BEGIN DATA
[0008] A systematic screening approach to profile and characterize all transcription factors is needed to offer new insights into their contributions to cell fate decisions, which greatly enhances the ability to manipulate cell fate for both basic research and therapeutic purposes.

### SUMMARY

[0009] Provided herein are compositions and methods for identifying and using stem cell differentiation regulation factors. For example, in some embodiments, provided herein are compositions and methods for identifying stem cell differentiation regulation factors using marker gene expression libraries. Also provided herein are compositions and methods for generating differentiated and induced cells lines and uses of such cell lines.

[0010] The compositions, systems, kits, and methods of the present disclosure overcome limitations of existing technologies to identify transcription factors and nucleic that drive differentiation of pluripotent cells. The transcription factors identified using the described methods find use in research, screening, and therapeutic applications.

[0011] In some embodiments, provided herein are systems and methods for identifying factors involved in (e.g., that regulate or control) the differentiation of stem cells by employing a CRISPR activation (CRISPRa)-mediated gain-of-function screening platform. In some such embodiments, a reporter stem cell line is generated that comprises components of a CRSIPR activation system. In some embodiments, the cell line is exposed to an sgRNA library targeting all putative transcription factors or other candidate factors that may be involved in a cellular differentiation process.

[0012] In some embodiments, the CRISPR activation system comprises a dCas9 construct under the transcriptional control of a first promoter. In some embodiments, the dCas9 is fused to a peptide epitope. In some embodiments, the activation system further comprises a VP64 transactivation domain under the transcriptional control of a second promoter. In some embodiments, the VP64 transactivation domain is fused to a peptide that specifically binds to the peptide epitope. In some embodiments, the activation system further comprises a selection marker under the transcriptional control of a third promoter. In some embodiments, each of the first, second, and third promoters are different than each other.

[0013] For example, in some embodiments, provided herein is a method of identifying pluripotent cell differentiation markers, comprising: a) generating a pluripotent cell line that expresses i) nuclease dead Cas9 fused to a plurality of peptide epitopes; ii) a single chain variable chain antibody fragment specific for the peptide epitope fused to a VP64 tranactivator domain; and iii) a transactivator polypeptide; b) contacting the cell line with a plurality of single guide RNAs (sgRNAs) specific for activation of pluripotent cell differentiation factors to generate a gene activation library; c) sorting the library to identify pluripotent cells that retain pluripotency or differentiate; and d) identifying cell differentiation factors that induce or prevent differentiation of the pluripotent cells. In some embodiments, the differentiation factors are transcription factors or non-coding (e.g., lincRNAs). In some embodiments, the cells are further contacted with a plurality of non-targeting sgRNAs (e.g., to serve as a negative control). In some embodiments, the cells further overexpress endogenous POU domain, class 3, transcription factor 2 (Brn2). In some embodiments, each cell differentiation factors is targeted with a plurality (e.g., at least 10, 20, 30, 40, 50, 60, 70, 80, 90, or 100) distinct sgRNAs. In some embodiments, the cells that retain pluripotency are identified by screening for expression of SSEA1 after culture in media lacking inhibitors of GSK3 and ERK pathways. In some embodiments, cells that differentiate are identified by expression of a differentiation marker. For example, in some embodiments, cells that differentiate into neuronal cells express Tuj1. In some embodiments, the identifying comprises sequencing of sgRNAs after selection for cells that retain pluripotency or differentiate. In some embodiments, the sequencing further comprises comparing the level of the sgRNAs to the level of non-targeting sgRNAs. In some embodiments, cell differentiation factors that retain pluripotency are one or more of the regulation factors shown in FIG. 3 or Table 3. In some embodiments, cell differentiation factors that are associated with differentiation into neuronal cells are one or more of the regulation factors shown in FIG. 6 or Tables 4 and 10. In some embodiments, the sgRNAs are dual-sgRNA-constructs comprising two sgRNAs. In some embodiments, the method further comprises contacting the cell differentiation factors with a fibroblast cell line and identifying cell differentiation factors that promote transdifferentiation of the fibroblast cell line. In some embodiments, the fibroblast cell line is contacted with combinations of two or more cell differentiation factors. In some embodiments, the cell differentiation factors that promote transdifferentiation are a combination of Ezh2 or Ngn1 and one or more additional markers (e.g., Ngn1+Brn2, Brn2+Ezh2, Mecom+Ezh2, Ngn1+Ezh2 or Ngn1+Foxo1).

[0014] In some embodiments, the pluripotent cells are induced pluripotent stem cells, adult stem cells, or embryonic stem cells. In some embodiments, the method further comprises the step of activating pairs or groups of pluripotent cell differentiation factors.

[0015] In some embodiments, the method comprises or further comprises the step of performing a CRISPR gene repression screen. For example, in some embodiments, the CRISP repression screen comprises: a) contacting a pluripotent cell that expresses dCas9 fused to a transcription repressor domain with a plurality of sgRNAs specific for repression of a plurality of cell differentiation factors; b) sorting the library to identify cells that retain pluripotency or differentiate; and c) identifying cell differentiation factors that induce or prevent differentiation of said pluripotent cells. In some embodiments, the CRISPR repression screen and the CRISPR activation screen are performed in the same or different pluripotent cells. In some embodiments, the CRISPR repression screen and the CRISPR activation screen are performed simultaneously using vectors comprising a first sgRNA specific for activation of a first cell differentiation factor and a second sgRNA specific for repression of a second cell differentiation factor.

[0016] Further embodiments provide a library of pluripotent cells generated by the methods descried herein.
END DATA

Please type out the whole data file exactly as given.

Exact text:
[0008] A systematic screening approach to profile and characterize all transcription factors is needed to offer new insights into their contributions to cell fate decisions, which greatly enhances the ability to manipulate cell fate for both basic research and therapeutic purposes.

### SUMMARY

[0009] Provided herein are compositions and methods for identifying and using stem cell differentiation regulation factors. For example, in some embodiments, provided herein are compositions and methods for identifying stem cell differentiation regulation factors using marker gene expression libraries. Also provided herein are compositions and methods for generating differentiated and induced cells lines and uses of such cell lines.

[0010] The compositions, systems, kits, and methods of the present disclosure overcome limitations of existing technologies to identify transcription factors and nucleic that drive differentiation of pluripotent cells. The transcription factors identified using the described methods find use in research, screening, and therapeutic applications.

[0011] In some embodiments, provided herein are systems and methods for identifying factors involved in (e.g., that regulate or control) the differentiation of stem cells by employing a CRISPR activation (CRISPRa)-mediated gain-of-function screening platform. In some such embodiments, a reporter stem cell line is generated that comprises components of a CRSIPR activation system. In some embodiments, the cell line is exposed to an sgRNA library targeting all putative transcription factors or other candidate factors that may be involved in a cellular differentiation process.

[0012] In some embodiments, the CRISPR activation system comprises a dCas9 construct under the transcriptional control of a first promoter. In some embodiments, the dCas9 is fused to a peptide epitope. In some embodiments, the activation system further comprises a VP64 transactivation domain under the transcriptional control of a second promoter. In some embodiments, the VP64 transactivation domain is fused to a peptide that specifically binds to the peptide epitope. In some embodiments, the activation system further comprises a selection marker under the transcriptional control of a third promoter. In some embodiments, each of the first, second, and third promoters are different than each other.

[0013] For example, in some embodiments, provided herein is a method of identifying pluripotent cell differentiation markers, comprising: a) generating a pluripotent cell line that expresses i) nuclease dead Cas9 fused to a plurality of peptide epitopes; ii) a single chain variable chain antibody fragment specific for the peptide epitope fused to a VP64 tranactivator domain; and iii) a transactivator polypeptide; b) contacting the cell line with a plurality of single guide RNAs (sgRNAs) specific for activation of pluripotent cell differentiation factors to generate a gene activation library; c) sorting the library to identify pluripotent cells that retain pluripotency or differentiate; and d) identifying cell differentiation factors that induce or prevent differentiation of the pluripotent cells. In some embodiments, the differentiation factors are transcription factors or non-coding (e.g., lincRNAs). In some embodiments, the cells are further contacted with a plurality of non-targeting sgRNAs (e.g., to serve as a negative control). In some embodiments, the cells further overexpress endogenous POU domain, class 3, transcription factor 2 (Brn2). In some embodiments, each cell differentiation factors is targeted with a plurality (e.g., at least 10, 20, 30, 40, 50, 60, 70, 80, 90, or 100) distinct sgRNAs. In some embodiments, the cells that retain pluripotency are identified by screening for expression of SSEA1 after culture in media lacking inhibitors of GSK3 and ERK pathways. In some embodiments, cells that differentiate are identified by expression of a differentiation marker. For example, in some embodiments, cells that differentiate into neuronal cells express Tuj1. In some embodiments, the identifying comprises sequencing of sgRNAs after selection for cells that retain pluripotency or differentiate. In some embodiments, the sequencing further comprises comparing the level of the sgRNAs to the level of non-targeting sgRNAs. In some embodiments, cell differentiation factors that retain pluripotency are one or more of the regulation factors shown in FIG. 3 or Table 3. In some embodiments, cell differentiation factors that are associated with differentiation into neuronal cells are one or more of the regulation factors shown in FIG. 6 or Tables 4 and 10. In some embodiments, the sgRNAs are dual-sgRNA-constructs comprising two sgRNAs. In some embodiments, the method further comprises contacting the cell differentiation factors with a fibroblast cell line and identifying cell differentiation factors that promote transdifferentiation of the fibroblast cell line. In some embodiments, the fibroblast cell line is contacted with combinations of two or more cell differentiation factors. In some embodiments, the cell differentiation factors that promote transdifferentiation are a combination of Ezh2 or Ngn1 and one or more additional markers (e.g., Ngn1+Brn2, Brn2+Ezh2, Mecom+Ezh2, Ngn1+Ezh2 or Ngn1+Foxo1).

[0014] In some embodiments, the pluripotent cells are induced pluripotent stem cells, adult stem cells, or embryonic stem cells. In some embodiments, the method further comprises the step of activating pairs or groups of pluripotent cell differentiation factors.

[0015] In some embodiments, the method comprises or further comprises the step of performing a CRISPR gene repression screen. For example, in some embodiments, the CRISP repression screen comprises: a) contacting a pluripotent cell that expresses dCas9 fused to a transcription repressor domain with a plurality of sgRNAs specific for repression of a plurality of cell differentiation factors; b) sorting the library to identify cells that retain pluripotency or differentiate; and c) identifying cell differentiation factors that induce or prevent differentiation of said pluripotent cells. In some embodiments, the CRISPR repression screen and the CRISPR activation screen are performed in the same or different pluripotent cells. In some embodiments, the CRISPR repression screen and the CRISPR activation screen are performed simultaneously using vectors comprising a first sgRNA specific for activation of a first cell differentiation factor and a second sgRNA specific for repression of a second cell differentiation factor.

[0016] Further embodiments provide a library of pluripotent cells generated by the methods descried herein.